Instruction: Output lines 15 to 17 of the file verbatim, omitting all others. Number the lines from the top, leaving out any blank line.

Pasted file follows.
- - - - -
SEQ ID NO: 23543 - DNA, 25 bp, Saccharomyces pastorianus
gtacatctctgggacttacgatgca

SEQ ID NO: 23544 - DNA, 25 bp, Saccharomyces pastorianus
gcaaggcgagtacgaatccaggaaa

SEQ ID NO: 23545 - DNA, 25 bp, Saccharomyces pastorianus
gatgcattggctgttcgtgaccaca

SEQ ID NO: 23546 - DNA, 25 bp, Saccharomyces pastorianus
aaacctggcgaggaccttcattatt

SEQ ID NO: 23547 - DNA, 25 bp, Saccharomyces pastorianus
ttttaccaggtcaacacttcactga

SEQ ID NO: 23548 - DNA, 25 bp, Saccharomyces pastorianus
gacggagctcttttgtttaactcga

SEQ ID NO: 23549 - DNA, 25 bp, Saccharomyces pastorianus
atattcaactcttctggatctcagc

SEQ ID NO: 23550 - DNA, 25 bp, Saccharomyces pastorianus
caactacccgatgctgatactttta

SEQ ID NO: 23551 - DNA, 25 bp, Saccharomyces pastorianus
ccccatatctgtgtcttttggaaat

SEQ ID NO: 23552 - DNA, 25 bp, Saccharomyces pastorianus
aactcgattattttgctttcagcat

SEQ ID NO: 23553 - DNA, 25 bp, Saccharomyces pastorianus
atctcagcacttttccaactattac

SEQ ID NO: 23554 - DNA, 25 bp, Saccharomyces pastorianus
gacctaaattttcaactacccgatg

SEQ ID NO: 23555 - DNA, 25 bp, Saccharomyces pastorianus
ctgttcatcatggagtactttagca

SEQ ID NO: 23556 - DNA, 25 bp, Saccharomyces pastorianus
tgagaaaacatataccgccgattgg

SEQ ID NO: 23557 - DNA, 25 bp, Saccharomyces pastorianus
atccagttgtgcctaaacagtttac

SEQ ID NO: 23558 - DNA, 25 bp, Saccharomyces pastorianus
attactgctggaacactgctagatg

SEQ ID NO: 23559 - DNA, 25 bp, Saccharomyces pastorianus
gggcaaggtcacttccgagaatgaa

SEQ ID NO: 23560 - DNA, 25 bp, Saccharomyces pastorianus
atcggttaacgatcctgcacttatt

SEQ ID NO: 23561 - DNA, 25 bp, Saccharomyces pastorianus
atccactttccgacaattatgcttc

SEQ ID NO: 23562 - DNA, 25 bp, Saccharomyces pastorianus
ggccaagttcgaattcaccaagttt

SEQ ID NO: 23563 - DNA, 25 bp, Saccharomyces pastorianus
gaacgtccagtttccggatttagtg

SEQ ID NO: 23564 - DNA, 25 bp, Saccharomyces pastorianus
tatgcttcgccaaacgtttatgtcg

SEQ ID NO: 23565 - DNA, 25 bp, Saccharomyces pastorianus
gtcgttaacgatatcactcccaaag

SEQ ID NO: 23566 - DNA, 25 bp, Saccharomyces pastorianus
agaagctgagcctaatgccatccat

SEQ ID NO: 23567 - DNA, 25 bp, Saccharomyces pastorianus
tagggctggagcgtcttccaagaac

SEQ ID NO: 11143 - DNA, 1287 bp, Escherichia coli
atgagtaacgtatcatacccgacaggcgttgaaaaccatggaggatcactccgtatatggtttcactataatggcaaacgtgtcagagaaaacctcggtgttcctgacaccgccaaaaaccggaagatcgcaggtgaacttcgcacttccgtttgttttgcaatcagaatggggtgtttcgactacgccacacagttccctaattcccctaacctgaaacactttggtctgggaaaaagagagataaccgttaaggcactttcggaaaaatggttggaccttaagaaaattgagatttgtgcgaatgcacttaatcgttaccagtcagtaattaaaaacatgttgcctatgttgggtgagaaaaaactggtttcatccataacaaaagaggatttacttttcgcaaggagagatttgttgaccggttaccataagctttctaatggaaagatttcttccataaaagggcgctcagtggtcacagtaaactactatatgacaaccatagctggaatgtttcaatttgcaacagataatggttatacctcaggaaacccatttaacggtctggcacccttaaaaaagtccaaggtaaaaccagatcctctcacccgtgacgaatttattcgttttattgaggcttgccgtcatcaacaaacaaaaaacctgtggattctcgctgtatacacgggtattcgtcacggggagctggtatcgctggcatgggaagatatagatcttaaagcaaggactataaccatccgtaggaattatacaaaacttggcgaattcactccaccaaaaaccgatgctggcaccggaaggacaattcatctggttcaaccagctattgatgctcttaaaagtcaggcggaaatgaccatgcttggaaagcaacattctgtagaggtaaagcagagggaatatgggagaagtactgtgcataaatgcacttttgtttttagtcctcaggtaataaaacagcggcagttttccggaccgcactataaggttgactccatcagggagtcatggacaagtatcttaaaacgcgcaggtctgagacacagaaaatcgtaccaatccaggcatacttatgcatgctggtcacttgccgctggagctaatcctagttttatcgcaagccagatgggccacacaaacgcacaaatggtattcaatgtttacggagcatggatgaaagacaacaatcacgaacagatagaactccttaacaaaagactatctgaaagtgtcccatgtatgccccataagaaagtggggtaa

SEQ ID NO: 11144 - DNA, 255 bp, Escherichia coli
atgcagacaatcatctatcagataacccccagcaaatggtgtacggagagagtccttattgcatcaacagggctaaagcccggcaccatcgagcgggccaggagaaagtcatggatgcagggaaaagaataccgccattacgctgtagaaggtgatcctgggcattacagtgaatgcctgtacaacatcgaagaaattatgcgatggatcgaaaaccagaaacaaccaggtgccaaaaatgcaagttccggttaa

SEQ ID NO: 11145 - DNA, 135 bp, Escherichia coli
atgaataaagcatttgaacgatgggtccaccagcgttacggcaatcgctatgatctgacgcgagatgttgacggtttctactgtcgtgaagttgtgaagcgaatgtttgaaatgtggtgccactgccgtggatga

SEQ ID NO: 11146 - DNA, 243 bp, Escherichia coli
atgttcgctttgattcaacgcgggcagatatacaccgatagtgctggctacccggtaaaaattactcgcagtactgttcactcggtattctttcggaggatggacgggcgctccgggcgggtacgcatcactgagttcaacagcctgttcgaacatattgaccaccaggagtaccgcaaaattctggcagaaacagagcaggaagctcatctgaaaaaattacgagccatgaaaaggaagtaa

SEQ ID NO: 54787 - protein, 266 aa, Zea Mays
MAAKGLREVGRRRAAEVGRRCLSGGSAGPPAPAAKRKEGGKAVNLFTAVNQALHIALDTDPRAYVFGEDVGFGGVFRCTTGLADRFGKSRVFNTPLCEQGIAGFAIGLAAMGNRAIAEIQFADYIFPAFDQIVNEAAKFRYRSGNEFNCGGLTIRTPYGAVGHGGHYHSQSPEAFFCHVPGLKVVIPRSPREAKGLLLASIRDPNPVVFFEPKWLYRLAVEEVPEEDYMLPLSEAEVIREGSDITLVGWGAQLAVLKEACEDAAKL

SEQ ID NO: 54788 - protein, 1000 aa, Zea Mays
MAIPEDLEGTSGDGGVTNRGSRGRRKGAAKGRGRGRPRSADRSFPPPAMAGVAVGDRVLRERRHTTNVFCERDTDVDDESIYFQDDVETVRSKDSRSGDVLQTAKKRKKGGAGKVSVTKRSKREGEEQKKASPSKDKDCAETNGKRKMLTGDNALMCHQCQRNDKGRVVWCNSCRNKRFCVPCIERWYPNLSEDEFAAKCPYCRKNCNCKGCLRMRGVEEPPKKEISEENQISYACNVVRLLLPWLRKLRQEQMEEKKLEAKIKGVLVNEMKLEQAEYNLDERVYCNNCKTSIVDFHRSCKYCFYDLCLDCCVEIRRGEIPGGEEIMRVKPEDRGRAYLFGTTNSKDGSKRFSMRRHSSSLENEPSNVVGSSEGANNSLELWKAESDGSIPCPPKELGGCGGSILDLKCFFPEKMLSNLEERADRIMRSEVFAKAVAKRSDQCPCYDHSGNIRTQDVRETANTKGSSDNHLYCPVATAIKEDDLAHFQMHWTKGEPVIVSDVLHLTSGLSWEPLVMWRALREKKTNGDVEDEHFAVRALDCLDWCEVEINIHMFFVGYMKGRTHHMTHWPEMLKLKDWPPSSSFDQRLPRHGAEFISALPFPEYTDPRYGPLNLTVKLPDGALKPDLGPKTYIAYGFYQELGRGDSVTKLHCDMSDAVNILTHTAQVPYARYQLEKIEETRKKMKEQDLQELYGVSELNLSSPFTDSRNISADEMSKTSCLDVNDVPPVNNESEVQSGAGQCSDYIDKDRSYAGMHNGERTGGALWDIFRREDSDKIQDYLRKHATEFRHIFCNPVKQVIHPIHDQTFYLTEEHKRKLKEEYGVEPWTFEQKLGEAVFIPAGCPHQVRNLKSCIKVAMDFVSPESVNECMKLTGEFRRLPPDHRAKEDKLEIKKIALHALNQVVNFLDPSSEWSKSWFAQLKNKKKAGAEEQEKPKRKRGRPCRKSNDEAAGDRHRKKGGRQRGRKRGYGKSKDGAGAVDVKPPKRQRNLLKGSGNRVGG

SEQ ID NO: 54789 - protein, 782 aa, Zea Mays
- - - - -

SEQ ID NO: 23550 - DNA, 25 bp, Saccharomyces pastorianus
caactacccgatgctgatactttta

SEQ ID NO: 23551 - DNA, 25 bp, Saccharomyces pastorianus